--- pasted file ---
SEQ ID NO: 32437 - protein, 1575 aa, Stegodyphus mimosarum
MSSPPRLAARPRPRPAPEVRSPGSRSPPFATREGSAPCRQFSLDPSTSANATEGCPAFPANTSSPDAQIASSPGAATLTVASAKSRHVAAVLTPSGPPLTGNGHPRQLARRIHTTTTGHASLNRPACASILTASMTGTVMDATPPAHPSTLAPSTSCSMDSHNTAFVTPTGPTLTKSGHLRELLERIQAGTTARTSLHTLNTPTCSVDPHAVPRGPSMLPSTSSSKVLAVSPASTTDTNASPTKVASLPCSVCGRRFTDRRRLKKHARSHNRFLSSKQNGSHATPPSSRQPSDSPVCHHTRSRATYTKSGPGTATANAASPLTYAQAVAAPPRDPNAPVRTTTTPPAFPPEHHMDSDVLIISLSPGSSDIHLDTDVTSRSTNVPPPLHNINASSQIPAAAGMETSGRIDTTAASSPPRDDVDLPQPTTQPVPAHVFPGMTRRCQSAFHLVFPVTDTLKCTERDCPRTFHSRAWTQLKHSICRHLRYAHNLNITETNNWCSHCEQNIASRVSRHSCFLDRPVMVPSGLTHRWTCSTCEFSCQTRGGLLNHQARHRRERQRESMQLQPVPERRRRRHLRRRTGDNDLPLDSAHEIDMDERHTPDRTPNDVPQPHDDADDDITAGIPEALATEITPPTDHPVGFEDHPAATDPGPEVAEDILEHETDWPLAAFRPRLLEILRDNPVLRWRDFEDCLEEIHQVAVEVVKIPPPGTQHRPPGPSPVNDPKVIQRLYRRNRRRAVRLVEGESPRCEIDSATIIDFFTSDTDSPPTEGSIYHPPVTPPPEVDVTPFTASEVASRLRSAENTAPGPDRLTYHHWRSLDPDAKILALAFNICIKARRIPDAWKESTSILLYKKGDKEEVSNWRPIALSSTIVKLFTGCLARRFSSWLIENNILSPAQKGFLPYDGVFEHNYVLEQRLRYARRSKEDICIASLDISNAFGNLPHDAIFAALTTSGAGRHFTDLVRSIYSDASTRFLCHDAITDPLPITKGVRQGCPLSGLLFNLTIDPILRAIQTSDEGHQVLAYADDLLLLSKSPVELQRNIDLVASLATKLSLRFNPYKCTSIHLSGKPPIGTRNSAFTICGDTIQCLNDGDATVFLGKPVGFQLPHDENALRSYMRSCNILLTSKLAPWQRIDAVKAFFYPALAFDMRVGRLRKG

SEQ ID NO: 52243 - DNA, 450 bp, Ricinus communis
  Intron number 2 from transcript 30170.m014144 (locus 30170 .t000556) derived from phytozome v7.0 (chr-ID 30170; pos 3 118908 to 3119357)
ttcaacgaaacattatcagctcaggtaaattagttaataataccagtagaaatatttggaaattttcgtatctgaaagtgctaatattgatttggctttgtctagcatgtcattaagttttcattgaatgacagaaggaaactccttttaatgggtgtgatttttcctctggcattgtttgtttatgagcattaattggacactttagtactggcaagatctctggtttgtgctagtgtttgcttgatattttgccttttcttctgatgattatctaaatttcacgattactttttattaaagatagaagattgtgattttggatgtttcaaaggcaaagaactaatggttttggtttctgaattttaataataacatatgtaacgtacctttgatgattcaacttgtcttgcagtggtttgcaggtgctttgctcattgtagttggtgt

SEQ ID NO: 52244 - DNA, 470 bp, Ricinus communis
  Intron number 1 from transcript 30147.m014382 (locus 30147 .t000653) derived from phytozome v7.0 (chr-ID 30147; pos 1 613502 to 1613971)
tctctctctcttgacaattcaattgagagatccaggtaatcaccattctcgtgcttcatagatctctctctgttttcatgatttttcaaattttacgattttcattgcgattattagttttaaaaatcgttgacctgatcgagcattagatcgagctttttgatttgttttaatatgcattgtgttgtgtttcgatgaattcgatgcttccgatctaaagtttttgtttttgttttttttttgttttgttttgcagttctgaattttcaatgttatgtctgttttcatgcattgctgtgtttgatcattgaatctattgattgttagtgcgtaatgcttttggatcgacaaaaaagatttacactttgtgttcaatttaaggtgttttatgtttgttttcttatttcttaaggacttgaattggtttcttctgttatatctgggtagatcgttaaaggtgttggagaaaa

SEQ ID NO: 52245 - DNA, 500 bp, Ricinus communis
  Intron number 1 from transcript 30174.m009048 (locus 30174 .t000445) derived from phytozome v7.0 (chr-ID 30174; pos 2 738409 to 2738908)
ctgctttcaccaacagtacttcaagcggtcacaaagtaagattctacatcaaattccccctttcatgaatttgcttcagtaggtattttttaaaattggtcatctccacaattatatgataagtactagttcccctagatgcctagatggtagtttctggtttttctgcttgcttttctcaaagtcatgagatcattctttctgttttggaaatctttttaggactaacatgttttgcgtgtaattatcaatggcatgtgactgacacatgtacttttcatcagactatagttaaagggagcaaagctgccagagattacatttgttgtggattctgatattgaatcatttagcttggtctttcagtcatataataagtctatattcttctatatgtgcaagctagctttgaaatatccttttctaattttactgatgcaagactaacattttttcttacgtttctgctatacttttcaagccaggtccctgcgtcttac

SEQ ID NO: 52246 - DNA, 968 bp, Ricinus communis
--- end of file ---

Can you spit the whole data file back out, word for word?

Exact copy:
SEQ ID NO: 32437 - protein, 1575 aa, Stegodyphus mimosarum
MSSPPRLAARPRPRPAPEVRSPGSRSPPFATREGSAPCRQFSLDPSTSANATEGCPAFPANTSSPDAQIASSPGAATLTVASAKSRHVAAVLTPSGPPLTGNGHPRQLARRIHTTTTGHASLNRPACASILTASMTGTVMDATPPAHPSTLAPSTSCSMDSHNTAFVTPTGPTLTKSGHLRELLERIQAGTTARTSLHTLNTPTCSVDPHAVPRGPSMLPSTSSSKVLAVSPASTTDTNASPTKVASLPCSVCGRRFTDRRRLKKHARSHNRFLSSKQNGSHATPPSSRQPSDSPVCHHTRSRATYTKSGPGTATANAASPLTYAQAVAAPPRDPNAPVRTTTTPPAFPPEHHMDSDVLIISLSPGSSDIHLDTDVTSRSTNVPPPLHNINASSQIPAAAGMETSGRIDTTAASSPPRDDVDLPQPTTQPVPAHVFPGMTRRCQSAFHLVFPVTDTLKCTERDCPRTFHSRAWTQLKHSICRHLRYAHNLNITETNNWCSHCEQNIASRVSRHSCFLDRPVMVPSGLTHRWTCSTCEFSCQTRGGLLNHQARHRRERQRESMQLQPVPERRRRRHLRRRTGDNDLPLDSAHEIDMDERHTPDRTPNDVPQPHDDADDDITAGIPEALATEITPPTDHPVGFEDHPAATDPGPEVAEDILEHETDWPLAAFRPRLLEILRDNPVLRWRDFEDCLEEIHQVAVEVVKIPPPGTQHRPPGPSPVNDPKVIQRLYRRNRRRAVRLVEGESPRCEIDSATIIDFFTSDTDSPPTEGSIYHPPVTPPPEVDVTPFTASEVASRLRSAENTAPGPDRLTYHHWRSLDPDAKILALAFNICIKARRIPDAWKESTSILLYKKGDKEEVSNWRPIALSSTIVKLFTGCLARRFSSWLIENNILSPAQKGFLPYDGVFEHNYVLEQRLRYARRSKEDICIASLDISNAFGNLPHDAIFAALTTSGAGRHFTDLVRSIYSDASTRFLCHDAITDPLPITKGVRQGCPLSGLLFNLTIDPILRAIQTSDEGHQVLAYADDLLLLSKSPVELQRNIDLVASLATKLSLRFNPYKCTSIHLSGKPPIGTRNSAFTICGDTIQCLNDGDATVFLGKPVGFQLPHDENALRSYMRSCNILLTSKLAPWQRIDAVKAFFYPALAFDMRVGRLRKG

SEQ ID NO: 52243 - DNA, 450 bp, Ricinus communis
  Intron number 2 from transcript 30170.m014144 (locus 30170 .t000556) derived from phytozome v7.0 (chr-ID 30170; pos 3 118908 to 3119357)
ttcaacgaaacattatcagctcaggtaaattagttaataataccagtagaaatatttggaaattttcgtatctgaaagtgctaatattgatttggctttgtctagcatgtcattaagttttcattgaatgacagaaggaaactccttttaatgggtgtgatttttcctctggcattgtttgtttatgagcattaattggacactttagtactggcaagatctctggtttgtgctagtgtttgcttgatattttgccttttcttctgatgattatctaaatttcacgattactttttattaaagatagaagattgtgattttggatgtttcaaaggcaaagaactaatggttttggtttctgaattttaataataacatatgtaacgtacctttgatgattcaacttgtcttgcagtggtttgcaggtgctttgctcattgtagttggtgt

SEQ ID NO: 52244 - DNA, 470 bp, Ricinus communis
  Intron number 1 from transcript 30147.m014382 (locus 30147 .t000653) derived from phytozome v7.0 (chr-ID 30147; pos 1 613502 to 1613971)
tctctctctcttgacaattcaattgagagatccaggtaatcaccattctcgtgcttcatagatctctctctgttttcatgatttttcaaattttacgattttcattgcgattattagttttaaaaatcgttgacctgatcgagcattagatcgagctttttgatttgttttaatatgcattgtgttgtgtttcgatgaattcgatgcttccgatctaaagtttttgtttttgttttttttttgttttgttttgcagttctgaattttcaatgttatgtctgttttcatgcattgctgtgtttgatcattgaatctattgattgttagtgcgtaatgcttttggatcgacaaaaaagatttacactttgtgttcaatttaaggtgttttatgtttgttttcttatttcttaaggacttgaattggtttcttctgttatatctgggtagatcgttaaaggtgttggagaaaa

SEQ ID NO: 52245 - DNA, 500 bp, Ricinus communis
  Intron number 1 from transcript 30174.m009048 (locus 30174 .t000445) derived from phytozome v7.0 (chr-ID 30174; pos 2 738409 to 2738908)
ctgctttcaccaacagtacttcaagcggtcacaaagtaagattctacatcaaattccccctttcatgaatttgcttcagtaggtattttttaaaattggtcatctccacaattatatgataagtactagttcccctagatgcctagatggtagtttctggtttttctgcttgcttttctcaaagtcatgagatcattctttctgttttggaaatctttttaggactaacatgttttgcgtgtaattatcaatggcatgtgactgacacatgtacttttcatcagactatagttaaagggagcaaagctgccagagattacatttgttgtggattctgatattgaatcatttagcttggtctttcagtcatataataagtctatattcttctatatgtgcaagctagctttgaaatatccttttctaattttactgatgcaagactaacattttttcttacgtttctgctatacttttcaagccaggtccctgcgtcttac

SEQ ID NO: 52246 - DNA, 968 bp, Ricinus communis